Side extensions planning permission
Side extensions:
  1. More than single-storey or over 4 metres.
  2. Wider than half the width of the 'original house'.
Rear extension single-storey planning permission
Rear extension single-storey:
  1. Extends beyond the rear of the 'original house' by over 4 metres.
  2. More than 4 metres in height.
Rear extension two-storey planning permission
Rear extension two-storey:
  1. Extends beyond the rear of the 'original house' by over 3 metres or ...
  2. ... is within 7 metres of boundary opposite rear wall.
  3. Side-facing windows are not obscure-glazed and can open (unless the opening part is 1.7 metres from the floor of the room).
  4. Roof pitch does not match existing house.

71%

of planning permission applications are for an extension or a remodel*

Window & Doors

You do not need planning permission to replace doors and windows with those of a similar appearance.

Building regulation approval is required on any glazing replacement work or you can use a registered installer (such as Everest) to complete approved work for you.

You DO need planning permission if:
  1. Fitting a skylight/roof light that protrudes more than 150mm beyond the plane of the roof slope or ...
  2. ... is higher than the highest point of the roof.
  3. Fitting an upper-floor side elevation window that is not obscure-glazed and can open (unless the opening part is 1.7 metres from the floor of the room).
You DO need permission if you live in a listed building, designated area or fall under Article 4 Direction.
Window and door planning permission
Basement planning permission

Basements

Planning regulations for a basement are currently under review but in most cases, they are considered a permitted development.

You DO need planning permission if:
  1. Excavating to create a new basement.
  2. Creating a new separate unit of accommodation.
  3. Altering the external appearance of the house, e.g. adding a light well.
Building regulation approval is required and consideration for the Party Wall Act 1996.

65%

of applications DID NOT have complaints from neighbours*

84%

of applications had their planning permissions approved*

YOU MIGHT NOT REALISE
that you DO NEED planning permission for:

1HEDGES

You don't need permission to plant a hedge but they can be controlled through planning conditions. If the height of a hedge adversely affects a neighbour they fall under the Anti-social Behaviour Act 2003 and you can be subject to a formal notice from the local authority.

2TREES

You don't need planning permission but many trees are protected by a preservation order and you will need council approval to prune or cut them down.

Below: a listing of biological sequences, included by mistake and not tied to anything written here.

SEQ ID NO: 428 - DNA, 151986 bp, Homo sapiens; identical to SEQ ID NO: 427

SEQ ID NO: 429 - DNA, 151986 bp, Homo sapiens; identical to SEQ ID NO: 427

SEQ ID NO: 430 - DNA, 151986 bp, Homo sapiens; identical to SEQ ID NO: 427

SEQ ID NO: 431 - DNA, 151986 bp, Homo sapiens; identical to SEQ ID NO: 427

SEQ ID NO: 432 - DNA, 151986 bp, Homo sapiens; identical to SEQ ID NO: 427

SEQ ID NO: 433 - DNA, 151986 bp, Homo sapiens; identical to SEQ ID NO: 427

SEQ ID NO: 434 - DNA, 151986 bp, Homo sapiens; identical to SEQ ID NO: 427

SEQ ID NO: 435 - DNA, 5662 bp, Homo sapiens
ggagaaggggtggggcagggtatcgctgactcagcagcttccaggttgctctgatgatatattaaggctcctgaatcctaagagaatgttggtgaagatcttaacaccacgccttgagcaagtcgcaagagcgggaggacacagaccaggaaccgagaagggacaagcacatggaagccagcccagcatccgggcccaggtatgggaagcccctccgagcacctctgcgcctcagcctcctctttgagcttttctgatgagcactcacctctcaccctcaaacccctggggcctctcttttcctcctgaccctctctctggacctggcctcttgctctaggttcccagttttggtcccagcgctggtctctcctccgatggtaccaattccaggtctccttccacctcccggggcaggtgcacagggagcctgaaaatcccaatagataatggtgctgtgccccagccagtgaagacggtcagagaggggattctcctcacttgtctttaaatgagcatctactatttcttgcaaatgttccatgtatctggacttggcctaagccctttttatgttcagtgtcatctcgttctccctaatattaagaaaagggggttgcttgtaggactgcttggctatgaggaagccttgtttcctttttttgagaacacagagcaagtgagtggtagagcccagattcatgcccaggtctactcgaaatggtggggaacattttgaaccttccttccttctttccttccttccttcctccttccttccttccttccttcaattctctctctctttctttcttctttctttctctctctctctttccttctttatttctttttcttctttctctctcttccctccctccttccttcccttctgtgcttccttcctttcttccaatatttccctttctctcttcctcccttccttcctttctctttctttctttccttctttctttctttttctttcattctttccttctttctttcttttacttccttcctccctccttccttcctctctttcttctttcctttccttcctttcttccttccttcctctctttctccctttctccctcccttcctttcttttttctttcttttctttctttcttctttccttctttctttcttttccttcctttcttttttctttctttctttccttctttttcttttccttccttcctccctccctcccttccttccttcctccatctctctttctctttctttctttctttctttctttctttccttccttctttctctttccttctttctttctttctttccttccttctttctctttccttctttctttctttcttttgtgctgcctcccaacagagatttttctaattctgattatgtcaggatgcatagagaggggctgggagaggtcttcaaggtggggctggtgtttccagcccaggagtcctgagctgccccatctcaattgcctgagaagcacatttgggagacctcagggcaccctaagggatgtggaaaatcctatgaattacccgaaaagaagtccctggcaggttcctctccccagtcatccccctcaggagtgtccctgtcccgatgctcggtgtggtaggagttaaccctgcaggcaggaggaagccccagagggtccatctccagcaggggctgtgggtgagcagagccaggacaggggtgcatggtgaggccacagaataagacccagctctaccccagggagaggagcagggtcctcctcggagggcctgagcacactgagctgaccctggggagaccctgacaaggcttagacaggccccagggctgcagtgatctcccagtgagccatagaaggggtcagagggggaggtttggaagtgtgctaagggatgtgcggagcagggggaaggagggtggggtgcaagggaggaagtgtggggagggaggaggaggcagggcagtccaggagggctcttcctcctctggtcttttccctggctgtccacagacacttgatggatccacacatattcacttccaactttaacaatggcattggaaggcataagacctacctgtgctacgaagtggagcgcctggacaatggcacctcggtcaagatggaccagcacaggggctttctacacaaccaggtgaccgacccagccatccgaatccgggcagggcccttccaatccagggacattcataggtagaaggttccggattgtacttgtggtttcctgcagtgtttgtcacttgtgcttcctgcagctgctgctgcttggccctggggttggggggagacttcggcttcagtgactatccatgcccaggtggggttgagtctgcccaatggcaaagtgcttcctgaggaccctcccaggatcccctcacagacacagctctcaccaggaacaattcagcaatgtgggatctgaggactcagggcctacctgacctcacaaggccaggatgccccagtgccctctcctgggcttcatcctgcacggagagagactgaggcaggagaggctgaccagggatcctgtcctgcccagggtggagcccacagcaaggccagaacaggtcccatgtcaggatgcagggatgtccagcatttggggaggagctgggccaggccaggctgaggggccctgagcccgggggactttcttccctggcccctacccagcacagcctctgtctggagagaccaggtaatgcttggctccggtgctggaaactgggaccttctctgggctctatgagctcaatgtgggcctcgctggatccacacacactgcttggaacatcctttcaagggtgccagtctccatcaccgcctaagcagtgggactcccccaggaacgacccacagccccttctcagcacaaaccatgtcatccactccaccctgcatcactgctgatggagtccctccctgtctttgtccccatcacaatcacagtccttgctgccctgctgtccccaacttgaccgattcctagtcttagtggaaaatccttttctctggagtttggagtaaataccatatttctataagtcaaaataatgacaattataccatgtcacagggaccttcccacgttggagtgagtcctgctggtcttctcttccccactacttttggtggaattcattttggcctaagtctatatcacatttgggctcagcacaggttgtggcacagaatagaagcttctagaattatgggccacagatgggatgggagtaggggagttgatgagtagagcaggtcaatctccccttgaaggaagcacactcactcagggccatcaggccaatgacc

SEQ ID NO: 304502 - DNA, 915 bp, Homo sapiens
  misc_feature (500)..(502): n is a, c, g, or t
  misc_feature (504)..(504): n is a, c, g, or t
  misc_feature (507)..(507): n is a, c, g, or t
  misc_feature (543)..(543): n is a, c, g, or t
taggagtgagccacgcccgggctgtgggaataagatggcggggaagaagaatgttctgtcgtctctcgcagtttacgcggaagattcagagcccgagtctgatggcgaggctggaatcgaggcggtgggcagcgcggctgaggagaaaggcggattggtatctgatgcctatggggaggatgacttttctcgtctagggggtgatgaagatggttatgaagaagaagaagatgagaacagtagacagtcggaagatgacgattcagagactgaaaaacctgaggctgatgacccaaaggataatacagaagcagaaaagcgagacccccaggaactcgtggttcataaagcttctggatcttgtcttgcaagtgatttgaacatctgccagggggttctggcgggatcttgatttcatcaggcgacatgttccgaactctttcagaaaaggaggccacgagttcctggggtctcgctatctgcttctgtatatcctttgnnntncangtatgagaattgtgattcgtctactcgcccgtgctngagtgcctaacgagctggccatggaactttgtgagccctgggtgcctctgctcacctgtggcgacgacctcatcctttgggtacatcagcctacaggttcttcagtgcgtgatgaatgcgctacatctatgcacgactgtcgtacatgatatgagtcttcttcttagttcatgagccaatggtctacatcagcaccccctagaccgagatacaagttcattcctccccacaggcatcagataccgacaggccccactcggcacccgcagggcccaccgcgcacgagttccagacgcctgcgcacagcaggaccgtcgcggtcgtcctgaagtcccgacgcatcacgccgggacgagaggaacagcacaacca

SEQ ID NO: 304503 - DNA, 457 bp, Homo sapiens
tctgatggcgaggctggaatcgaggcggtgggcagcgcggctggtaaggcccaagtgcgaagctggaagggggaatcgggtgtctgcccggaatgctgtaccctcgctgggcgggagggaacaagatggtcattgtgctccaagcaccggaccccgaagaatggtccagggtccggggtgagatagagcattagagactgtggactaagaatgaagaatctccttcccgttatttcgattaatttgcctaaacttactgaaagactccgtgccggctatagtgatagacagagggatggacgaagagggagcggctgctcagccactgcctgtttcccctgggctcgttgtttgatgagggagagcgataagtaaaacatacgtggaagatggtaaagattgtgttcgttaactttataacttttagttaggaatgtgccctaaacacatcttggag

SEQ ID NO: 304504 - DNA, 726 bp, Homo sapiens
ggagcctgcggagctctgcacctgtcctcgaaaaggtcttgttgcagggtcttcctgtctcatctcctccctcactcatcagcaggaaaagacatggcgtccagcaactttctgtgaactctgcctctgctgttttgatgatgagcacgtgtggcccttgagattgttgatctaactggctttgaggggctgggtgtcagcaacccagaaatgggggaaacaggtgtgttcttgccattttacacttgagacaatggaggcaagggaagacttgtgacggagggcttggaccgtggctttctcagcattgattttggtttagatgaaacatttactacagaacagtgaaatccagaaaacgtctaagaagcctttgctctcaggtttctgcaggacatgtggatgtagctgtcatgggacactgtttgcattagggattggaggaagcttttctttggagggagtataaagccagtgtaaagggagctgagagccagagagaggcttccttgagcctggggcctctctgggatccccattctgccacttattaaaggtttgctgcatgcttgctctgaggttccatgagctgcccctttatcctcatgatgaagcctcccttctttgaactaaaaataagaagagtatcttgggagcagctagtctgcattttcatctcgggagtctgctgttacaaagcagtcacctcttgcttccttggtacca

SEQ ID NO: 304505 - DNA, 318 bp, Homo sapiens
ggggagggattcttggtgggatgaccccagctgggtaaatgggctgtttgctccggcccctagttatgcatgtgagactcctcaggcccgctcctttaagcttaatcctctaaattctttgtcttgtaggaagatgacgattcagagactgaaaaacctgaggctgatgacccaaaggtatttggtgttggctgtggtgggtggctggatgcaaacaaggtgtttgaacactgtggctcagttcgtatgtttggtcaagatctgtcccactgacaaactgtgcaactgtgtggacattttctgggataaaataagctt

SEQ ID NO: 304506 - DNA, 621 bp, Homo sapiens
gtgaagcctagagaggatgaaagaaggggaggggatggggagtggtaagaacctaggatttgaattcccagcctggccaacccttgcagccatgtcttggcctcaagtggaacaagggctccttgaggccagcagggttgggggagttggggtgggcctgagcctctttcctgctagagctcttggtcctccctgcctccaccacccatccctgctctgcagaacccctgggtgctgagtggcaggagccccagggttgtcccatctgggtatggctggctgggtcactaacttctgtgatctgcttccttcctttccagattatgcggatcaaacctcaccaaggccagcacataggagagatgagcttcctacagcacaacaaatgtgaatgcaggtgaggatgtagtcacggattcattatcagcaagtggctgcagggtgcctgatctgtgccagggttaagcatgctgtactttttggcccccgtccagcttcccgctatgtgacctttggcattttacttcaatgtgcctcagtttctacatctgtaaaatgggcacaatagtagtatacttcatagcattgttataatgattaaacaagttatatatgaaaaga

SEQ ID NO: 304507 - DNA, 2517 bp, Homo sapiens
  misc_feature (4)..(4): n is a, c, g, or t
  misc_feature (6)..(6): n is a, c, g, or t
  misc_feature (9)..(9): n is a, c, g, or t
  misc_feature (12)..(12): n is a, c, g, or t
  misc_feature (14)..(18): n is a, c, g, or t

3ANTENNA

If you install more than two antennae on the property, or a single antenna is more than 1 metre tall or wide (the second more than 0.6 metres). Or, if attached to a chimney and is more than 0.6 metres above a chimney stack.

4SIGNAGE

Advertisement consent may be required for an advertisement (not estate agent boards) bigger than 0.3 square metres - or any size if illuminated - outside your property.

Planning permission for trees, decking, fences and other house surroundings
5DECKING

If your decking is more than 30cm off the ground or in combination with other extensions is more than 50 percent of the garden.

6HOME WORKING

If your home is no longer mainly a private residence; if more people will be calling at your property; if you are operating at unreasonable hours; or, if creating any nuisance such as smells or noise.

7PAVING

For an area more than 5 square metres of impermeable material with no provision for water to run off into a permeable area.

8FENCES

For a fence over 1 metre next to a highway, or over 2 metres elsewhere. If the fence borders onto a listed building or its grounds.

How long it takes to have an application approved*

< 8 weeks

19%

8-12 weeks

37%

3-6 months

32%

6-12 months

8%

12 months +

4%

Most common reasons for a planning permission application being turned down*

Loss of privacy

23%

Loss of light

14%

Highway safety

10%

Parking

9%

Traffic

7%

Layout of building

7%

Effect on listed building

7%

Appearance and materials

6%

Noise

4%

Government policy

3%

Always check with your local planning authority before starting any work

 

*An independent survey of 400 people who had applied for planning permission in the last five years. Date of survey, November 2017.

The information provided above is taken from government guidelines at planningportal.co.uk and is a guide only and is not a source of legal information.

Planning rules are complicated and are subject to change. Information is correct at time of publication: January 2018.